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Owen Wildman

Hi, I’m Wildman. These are my WildThoughts

Welcome to my personal blog. It's where I put stuff about my life as a husband, dad & pastor. I dabble in photography, video, travel, outdoor adventures, and social sciences, too.

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Recent Thoughts

From Tweet Street

I was waiting for the end of the world last night and I made you these flowers with a little painting app on my phone.

You’re welcome.

Consider this your little “reward” for surviving the first wave of earthquakes, zombies, and the deadly army of Justin Bieber clones. Click to view image

Oh, you didn’t know about the Beiber-droids? Sorry, amigo — the Bible guarntees it.

So, as a parting gift in case I’m gone, I thought I’d leave a few flowers on the table.

door number 3

Odds are, you’ll be reading this on or after May 22. That means you’re still here and the earthquakes and fiery judgments haven’t wiped you out yet. And that means either:

  1. The hell on earth isn’t as bad as they said it would be OR
  2. You are an idiot who’s reading this blog instead of running for the hills and dodging the fireballs falling from the sky OR
  3. The end of the world didn’t actually happen yesterday and you’re chuckling at the religious nuts that are stammering some pathetic reasons for their biblical miscalculations.

Odds are, it’s door number 3.

funny, serious questions

Sad news is, all this comical talk about the end of the world masks some important questions under the laughter:

  • What if I only had one week left? One day?
  • Am I satisfied with my relationships? Have I left some things unsaid or undone?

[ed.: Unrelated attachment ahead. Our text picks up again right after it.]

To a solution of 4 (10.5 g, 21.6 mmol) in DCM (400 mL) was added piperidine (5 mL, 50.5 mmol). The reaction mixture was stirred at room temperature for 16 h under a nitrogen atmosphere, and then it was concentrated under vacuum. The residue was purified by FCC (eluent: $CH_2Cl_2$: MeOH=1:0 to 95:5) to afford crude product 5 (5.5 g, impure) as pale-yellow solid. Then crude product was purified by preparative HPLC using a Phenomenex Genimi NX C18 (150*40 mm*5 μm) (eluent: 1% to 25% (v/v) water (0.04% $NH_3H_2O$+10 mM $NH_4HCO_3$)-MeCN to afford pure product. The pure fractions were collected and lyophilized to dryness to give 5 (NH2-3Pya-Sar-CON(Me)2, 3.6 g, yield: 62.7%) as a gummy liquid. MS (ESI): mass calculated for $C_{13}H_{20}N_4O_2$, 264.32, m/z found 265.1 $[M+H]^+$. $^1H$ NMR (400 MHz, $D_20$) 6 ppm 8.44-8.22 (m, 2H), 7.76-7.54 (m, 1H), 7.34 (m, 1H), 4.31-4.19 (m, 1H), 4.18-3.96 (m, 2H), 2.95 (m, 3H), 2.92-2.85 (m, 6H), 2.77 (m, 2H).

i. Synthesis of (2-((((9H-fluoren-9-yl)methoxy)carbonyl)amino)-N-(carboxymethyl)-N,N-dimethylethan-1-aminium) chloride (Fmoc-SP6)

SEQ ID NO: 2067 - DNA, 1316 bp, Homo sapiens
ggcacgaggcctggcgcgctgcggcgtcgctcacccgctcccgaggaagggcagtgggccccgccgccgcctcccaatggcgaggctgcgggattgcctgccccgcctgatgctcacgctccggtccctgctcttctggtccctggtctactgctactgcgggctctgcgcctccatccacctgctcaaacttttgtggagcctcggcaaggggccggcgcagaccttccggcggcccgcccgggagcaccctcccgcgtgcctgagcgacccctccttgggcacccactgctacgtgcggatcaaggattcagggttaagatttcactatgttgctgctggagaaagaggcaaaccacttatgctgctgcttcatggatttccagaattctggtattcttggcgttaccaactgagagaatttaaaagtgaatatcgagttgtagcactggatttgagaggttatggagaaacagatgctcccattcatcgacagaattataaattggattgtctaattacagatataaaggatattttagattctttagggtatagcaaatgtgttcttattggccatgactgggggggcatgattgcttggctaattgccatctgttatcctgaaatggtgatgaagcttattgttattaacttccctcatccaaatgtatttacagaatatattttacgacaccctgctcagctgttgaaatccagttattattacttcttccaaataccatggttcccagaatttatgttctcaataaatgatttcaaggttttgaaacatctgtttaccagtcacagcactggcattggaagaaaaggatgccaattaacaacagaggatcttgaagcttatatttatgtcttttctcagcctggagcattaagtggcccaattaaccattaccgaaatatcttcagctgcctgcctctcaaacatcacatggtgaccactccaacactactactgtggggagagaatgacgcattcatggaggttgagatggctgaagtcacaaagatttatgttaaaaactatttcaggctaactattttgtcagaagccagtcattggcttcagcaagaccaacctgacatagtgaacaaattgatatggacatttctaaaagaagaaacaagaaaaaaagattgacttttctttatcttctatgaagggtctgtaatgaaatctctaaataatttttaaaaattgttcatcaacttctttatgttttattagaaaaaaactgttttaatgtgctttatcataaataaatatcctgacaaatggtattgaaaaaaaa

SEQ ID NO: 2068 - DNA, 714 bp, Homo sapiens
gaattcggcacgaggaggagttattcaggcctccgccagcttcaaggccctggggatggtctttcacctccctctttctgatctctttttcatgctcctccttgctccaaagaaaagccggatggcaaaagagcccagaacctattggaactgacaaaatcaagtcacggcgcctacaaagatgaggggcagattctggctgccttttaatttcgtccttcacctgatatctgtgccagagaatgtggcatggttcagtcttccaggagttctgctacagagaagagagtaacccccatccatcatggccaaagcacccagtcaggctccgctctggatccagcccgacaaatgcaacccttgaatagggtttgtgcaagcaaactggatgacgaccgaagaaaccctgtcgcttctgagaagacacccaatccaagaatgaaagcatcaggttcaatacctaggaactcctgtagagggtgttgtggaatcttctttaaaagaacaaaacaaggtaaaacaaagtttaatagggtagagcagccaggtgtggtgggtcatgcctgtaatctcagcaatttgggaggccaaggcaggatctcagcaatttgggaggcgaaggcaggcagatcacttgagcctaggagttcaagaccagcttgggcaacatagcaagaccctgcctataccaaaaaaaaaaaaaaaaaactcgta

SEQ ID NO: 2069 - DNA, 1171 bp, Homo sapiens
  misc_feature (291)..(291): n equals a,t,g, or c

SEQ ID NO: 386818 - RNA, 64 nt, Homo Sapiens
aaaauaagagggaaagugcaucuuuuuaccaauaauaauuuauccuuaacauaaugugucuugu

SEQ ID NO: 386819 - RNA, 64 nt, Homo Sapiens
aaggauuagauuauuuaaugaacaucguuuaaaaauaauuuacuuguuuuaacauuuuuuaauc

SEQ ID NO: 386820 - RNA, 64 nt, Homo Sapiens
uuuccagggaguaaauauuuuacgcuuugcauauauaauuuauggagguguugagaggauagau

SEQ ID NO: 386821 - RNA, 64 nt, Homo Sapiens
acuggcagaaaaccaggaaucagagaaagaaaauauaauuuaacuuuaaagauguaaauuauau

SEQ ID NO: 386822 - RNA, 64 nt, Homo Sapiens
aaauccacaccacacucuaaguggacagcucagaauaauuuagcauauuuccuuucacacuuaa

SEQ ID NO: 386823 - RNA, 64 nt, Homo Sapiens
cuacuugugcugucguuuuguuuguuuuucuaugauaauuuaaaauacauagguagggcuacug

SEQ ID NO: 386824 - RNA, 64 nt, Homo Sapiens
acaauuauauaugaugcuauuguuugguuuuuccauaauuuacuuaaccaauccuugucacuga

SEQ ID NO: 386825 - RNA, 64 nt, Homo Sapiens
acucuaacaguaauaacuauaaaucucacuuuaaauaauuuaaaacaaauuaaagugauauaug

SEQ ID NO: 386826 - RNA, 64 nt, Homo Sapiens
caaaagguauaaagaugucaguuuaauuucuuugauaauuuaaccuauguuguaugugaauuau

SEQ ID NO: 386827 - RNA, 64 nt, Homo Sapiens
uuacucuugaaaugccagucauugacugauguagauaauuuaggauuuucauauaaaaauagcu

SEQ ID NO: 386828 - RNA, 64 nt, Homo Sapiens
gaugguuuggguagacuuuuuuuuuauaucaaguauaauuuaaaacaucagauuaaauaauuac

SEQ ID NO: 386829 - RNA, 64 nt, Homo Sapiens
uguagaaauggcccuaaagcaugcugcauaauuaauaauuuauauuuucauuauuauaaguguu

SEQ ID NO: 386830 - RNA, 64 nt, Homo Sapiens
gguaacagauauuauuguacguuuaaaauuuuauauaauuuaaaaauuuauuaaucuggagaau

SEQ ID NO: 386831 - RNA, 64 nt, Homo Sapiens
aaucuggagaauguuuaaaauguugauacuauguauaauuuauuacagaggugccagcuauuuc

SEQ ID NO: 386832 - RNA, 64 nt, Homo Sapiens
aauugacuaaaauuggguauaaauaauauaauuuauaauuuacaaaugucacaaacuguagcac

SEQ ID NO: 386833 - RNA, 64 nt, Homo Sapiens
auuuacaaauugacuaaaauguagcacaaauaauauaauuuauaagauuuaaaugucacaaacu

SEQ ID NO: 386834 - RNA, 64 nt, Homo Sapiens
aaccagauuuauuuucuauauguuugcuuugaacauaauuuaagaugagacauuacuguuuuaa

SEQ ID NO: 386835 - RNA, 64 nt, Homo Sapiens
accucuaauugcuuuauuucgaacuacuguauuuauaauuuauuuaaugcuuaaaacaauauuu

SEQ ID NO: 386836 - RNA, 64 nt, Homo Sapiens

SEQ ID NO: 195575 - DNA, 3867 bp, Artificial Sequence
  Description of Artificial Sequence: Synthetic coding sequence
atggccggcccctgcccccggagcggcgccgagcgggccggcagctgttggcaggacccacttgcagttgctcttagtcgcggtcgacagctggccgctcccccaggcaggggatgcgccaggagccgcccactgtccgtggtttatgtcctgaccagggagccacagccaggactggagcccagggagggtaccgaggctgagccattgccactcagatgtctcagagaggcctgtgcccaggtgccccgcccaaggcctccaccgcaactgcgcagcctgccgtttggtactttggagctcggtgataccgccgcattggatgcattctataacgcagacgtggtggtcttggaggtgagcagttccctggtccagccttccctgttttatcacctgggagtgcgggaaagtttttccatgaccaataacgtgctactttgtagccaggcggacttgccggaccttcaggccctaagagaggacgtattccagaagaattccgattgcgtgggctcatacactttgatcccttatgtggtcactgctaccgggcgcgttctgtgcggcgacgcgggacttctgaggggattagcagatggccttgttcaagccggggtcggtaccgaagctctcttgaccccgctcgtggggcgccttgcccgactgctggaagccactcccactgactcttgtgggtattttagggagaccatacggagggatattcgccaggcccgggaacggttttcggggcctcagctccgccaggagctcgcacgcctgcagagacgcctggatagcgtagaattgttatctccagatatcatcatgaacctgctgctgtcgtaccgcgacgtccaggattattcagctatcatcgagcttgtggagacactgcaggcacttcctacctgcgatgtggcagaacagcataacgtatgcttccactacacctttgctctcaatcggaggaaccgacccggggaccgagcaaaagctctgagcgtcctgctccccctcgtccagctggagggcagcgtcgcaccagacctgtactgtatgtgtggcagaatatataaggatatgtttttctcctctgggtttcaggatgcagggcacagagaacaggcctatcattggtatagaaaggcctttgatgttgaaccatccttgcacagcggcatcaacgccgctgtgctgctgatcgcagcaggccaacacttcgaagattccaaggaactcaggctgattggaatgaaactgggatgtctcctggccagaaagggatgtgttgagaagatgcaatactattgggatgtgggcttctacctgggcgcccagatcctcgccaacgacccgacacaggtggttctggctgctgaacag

• What about my relationship with God? Does it make me feel uneasy to think about showing up in God’s presence?

Because, let’s be honest. The world may not end today, but mine could.

the end of my world

I had an interesting conversation recently with a doctor who’s interested in oncology. He said all of the exposure he’s having to dying people has made him realize something that contemporary science tends to overlook: Everyone dies.

The best medical treatment, the most involved excercise regimen, the most dedicated diet routine is only slowing down the inevitable. “They haven’t found a cure for death,” he said.

Since there’s no remedy for death, I have my prescription for life: Be ready — at any time — to depart in peace. Peace with myself, with my loved ones, with God.

And to leave my world a little better than I found it.

That’s something a lot of Christians miss, I think. All too often the attitude is, “If it’s all going to burn up anyway, why worry about taking care of the world or the things in it, right?”

How is that outlook any different than a renter who trashes the house she’s been staying in when the lease is up? The house is no longer useful to her, so she kicks holes in the walls, lets the dog pee on the carpet, and busts up the windows.

Classy. Real classy.

keep it classy

Somehow that seems like the opposite of the care-taking God asked Adam to do way back when. And it’s definitely the opposite of the kind of behavior that convinces people our faith is useful and attractive.

The world might end soon. So, we should be busy making it better before it’s too late. Too late for us. And too late for the people around us.

Right now, I don’t have a lot to show for the time I’ve spent here with my family and friends. I’d like to leave this world a little better than I found it. I’d like to have a few words or actions that will linger after my world ends.

I’d like to leave a few flowers on the table.

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